Take the winding road up the mountains to the idyllic village of Faraya, about 40 kilometers (25 miles) northeast of Lebanon's capital Beirut, and you'll soon hear some sounds you may not have expected.
Giant Hollywood-style white lettering identifies the 1,625-meter-high (5,331-foot-high) village to visitors. And just underneath the sign lies a mountain lodge with a sweeping sun-bathed terrace, where hundreds of Lebanese young people dance boisterously to the summer's club hits.
Empty beer bottles and plastic cups litter the table tops. The partiers wear hot pants, trucker hats and aviators -- youths of all confessions united by their belief in good music and drinks. Some stand on the benches, others climb up on the tables. It's not quite 4 p.m.
Lebanon is considered the party capital of the Middle East. Yet in the shadows of the civil war in Syria, things have quieted down. Violence even within the country's borders has increased, along with fear.
Many bars in Beirut remain eerily empty on weekends. Every day the Lebanese army receives around a thousand phone calls from concerned citizens reporting something suspicious. Many fear repeats of recent car bombings in July and August, and are cautiously avoiding the cities. Instead they head for the mountains, where a feeling of isolated safety prevails.
Record Number of Visitors
The population of the mountains surrounding Faraya is predominantly Chrisitian, and violence in Lebanon tends to occur where differing faiths and sects are confronted with one another. The mountains are also off the radar of Israel. Even in 2006 -- as Israel waged a brief but deadly war against the militant group Hezbollah in southern Lebanon and Jerusalem bombed the Beirut airport -- the parties continued in the mountains of Faraya.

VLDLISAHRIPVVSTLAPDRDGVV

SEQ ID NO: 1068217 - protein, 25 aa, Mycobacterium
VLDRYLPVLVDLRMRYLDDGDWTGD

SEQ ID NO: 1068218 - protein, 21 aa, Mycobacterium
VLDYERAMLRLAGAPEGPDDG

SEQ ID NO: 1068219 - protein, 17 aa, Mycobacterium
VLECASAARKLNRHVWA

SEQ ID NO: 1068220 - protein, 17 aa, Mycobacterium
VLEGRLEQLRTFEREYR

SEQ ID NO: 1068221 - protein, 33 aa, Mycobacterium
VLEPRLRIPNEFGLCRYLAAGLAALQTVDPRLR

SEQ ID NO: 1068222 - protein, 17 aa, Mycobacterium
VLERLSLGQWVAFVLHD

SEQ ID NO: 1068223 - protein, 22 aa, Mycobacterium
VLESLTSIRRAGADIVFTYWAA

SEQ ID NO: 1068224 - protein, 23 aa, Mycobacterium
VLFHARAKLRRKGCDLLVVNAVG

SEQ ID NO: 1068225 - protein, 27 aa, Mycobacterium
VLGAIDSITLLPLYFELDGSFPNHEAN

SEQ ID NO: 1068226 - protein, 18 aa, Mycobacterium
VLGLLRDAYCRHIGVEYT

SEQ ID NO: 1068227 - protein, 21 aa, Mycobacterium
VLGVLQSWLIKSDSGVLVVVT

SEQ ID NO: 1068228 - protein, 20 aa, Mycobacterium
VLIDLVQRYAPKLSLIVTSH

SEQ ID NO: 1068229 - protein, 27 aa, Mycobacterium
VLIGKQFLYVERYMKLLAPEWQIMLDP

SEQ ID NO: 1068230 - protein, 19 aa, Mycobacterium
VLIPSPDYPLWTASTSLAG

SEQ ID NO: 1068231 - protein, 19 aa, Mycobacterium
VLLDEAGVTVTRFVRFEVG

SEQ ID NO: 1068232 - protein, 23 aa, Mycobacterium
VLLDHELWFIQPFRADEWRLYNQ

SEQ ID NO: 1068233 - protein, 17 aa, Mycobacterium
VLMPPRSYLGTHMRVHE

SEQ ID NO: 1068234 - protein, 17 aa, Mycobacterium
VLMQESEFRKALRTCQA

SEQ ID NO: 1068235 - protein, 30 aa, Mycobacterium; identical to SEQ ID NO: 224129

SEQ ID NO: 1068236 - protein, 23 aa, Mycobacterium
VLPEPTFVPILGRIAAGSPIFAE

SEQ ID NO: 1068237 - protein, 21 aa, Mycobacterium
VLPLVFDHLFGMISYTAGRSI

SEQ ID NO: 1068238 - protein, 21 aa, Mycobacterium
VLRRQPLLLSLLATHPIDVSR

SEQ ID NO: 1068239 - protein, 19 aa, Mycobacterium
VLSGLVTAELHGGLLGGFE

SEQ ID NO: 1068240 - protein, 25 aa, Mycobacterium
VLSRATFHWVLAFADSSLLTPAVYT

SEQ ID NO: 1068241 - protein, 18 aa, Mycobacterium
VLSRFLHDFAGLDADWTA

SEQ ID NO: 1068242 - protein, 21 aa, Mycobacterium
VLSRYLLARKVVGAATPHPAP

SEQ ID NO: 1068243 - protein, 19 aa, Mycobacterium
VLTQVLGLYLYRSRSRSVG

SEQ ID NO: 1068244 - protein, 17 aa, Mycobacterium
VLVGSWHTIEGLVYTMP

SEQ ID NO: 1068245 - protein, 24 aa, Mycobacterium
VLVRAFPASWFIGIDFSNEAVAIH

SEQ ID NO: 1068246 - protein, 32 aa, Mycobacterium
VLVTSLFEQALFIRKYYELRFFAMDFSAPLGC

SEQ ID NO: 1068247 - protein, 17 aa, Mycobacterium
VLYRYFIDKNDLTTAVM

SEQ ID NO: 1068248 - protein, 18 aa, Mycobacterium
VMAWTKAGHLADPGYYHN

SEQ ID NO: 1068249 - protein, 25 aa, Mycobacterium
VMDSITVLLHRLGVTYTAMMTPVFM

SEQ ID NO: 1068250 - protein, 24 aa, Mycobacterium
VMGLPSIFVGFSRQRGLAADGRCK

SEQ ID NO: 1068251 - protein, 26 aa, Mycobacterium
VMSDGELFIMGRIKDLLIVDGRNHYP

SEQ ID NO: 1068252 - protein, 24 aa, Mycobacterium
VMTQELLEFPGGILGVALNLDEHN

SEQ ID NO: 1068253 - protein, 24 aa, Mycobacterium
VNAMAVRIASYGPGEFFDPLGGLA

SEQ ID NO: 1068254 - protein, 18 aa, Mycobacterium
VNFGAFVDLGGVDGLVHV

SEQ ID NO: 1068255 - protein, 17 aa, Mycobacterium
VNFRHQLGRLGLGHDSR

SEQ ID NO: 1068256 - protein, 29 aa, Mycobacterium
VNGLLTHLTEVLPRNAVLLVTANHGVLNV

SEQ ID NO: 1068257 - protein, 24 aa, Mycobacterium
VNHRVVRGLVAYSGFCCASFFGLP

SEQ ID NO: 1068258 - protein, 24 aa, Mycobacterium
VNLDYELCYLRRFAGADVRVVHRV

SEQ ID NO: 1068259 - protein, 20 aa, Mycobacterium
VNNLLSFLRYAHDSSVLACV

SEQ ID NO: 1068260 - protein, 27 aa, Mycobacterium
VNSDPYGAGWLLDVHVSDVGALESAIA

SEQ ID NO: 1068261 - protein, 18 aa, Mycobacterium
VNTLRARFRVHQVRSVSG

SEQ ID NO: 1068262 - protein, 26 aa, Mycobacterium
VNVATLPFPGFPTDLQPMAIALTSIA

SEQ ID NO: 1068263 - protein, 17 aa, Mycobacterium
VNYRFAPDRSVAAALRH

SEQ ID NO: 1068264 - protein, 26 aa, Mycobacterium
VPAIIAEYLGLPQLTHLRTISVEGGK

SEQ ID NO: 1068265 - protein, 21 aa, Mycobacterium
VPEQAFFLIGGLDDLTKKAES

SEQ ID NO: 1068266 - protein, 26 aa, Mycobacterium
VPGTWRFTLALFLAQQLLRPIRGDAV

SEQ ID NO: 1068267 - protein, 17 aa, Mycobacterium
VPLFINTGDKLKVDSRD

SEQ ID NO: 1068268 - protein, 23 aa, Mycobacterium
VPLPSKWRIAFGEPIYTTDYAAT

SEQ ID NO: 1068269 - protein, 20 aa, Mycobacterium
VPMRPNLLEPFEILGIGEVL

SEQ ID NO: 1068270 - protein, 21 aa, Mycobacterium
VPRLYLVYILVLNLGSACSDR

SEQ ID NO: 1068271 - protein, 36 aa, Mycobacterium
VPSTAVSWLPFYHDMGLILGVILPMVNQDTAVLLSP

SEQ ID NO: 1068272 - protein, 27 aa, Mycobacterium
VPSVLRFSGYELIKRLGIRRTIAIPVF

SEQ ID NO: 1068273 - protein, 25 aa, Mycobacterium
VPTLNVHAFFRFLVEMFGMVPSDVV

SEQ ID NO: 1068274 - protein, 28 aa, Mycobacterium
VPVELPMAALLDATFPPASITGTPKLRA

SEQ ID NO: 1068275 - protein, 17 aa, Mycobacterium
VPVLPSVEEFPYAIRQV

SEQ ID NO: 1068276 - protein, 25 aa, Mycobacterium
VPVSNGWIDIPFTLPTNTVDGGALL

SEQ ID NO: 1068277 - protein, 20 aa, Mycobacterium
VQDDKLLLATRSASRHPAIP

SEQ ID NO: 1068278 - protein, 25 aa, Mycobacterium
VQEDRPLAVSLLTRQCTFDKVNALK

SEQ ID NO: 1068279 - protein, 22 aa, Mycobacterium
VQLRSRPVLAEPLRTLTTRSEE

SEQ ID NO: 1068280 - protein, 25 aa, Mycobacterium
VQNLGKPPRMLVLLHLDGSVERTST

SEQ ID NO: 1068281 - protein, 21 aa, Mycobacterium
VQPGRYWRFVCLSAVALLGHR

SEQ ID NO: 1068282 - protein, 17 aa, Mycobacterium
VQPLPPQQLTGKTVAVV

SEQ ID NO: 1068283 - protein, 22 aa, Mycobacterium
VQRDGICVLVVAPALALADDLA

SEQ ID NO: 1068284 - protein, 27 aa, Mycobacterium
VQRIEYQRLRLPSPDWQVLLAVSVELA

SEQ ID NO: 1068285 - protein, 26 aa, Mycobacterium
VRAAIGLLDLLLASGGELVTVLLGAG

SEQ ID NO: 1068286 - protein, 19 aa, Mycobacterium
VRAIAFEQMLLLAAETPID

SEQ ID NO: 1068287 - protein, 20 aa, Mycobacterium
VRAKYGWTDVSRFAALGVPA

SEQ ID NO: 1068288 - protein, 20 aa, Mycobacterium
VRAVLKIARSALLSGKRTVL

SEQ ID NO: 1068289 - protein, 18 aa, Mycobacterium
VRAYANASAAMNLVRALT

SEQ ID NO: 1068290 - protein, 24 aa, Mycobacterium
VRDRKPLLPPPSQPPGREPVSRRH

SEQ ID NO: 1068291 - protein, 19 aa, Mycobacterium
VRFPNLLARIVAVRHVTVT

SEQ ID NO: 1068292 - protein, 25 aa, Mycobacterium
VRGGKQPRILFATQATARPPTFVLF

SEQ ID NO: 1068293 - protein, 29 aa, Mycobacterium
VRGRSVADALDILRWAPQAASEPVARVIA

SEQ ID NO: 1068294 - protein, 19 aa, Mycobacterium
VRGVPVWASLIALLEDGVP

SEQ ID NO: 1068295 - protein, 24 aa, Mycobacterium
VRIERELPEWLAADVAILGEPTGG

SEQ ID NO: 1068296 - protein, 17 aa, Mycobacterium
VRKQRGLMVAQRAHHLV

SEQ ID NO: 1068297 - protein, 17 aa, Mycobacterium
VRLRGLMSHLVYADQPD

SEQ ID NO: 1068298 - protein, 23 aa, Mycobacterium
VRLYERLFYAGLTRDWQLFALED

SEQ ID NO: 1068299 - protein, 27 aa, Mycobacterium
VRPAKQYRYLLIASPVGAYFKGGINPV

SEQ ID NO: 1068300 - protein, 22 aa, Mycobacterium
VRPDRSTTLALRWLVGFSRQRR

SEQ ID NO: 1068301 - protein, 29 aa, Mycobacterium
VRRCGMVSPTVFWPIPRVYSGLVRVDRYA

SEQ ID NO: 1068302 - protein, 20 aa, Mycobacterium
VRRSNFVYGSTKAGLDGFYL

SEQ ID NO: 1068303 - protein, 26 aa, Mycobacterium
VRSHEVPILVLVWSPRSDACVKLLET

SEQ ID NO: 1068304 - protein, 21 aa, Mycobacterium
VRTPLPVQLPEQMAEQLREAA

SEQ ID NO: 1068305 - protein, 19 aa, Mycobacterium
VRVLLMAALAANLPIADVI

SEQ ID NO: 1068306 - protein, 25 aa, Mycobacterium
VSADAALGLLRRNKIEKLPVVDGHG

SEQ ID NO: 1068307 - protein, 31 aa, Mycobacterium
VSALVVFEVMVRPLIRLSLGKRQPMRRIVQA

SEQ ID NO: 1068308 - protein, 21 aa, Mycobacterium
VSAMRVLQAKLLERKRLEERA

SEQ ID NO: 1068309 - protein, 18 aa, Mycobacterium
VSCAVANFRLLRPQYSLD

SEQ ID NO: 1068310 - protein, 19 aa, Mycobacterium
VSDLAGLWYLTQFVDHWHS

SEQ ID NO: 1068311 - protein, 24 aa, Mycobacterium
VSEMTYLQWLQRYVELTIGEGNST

"When Beirut is burning, the people come here," says 49-year-old Ricky Hmouda, owner of the moutain chalet. He says he's seen a record number of visitors in the past few weeks -- some 900 every Sunday in September, twice the regular number.
Ricky has been a mainstay of the Lebanese nightlife for decades, first as a DJ and later as a nightclub owner. When he first started his Sunday mountain parties a few years ago, he saw that there was a gaping hole in the entertainment market. He credits his wife, a successful businesswoman, with pulling the strings of the operation behind the scenes. She likes to stop by on Sundays for a few hours.
Ricky makes his way through the partygoers, tirelessly shaking their hands and posing for photos with them. He's a born entertainer. Every Sunday he wears a t-shirt with a new catchphrase written on it -- a tradition that's turned into a sort of trademark. Today's reads: "Boobies make me smile."
'Life Goes On'
The visitors are mostly in their early 20s. They pay $66 (€49) to party with Ricky, and for access to the all-you-can-eat buffet and open bar full of top-shelf liquor. They come from all over the country, and some are dual nationals who spend only the summers in Lebanon. The most popular drinks at the moment? "Rosé and white wine. It's summer!" Ricky says, as the crowd sings along to Ke$ha's "Die Young."
Mona Harbali arrived with eight friends from Sidon in southern Lebanon to celebrate her 22nd birthday. Her friends briefly wondered whether the drive into the mountains was safe. "I am a little worried," Harbali says. "But we live in Lebanon. You get used to it, life goes on."
But would she be driving cross country at night? "We're with Ricky from 2 to 6 p.m.," she says. That's the latest most of the partiers head home. The bar closes at 5, and by sundown around 7, peace and quiet returns to Faraya.
Ricky has thought ahead when it comes to the the security situation in the region. He says he's prepared for the outbreak of war in Lebanon, or the consequences of a potential US attack on Syria. "We have enough to eat and drink," Ricky says confidently. There's enough alcohol bunkered away to fuel four weeks of parties without driving to the next town for supplies.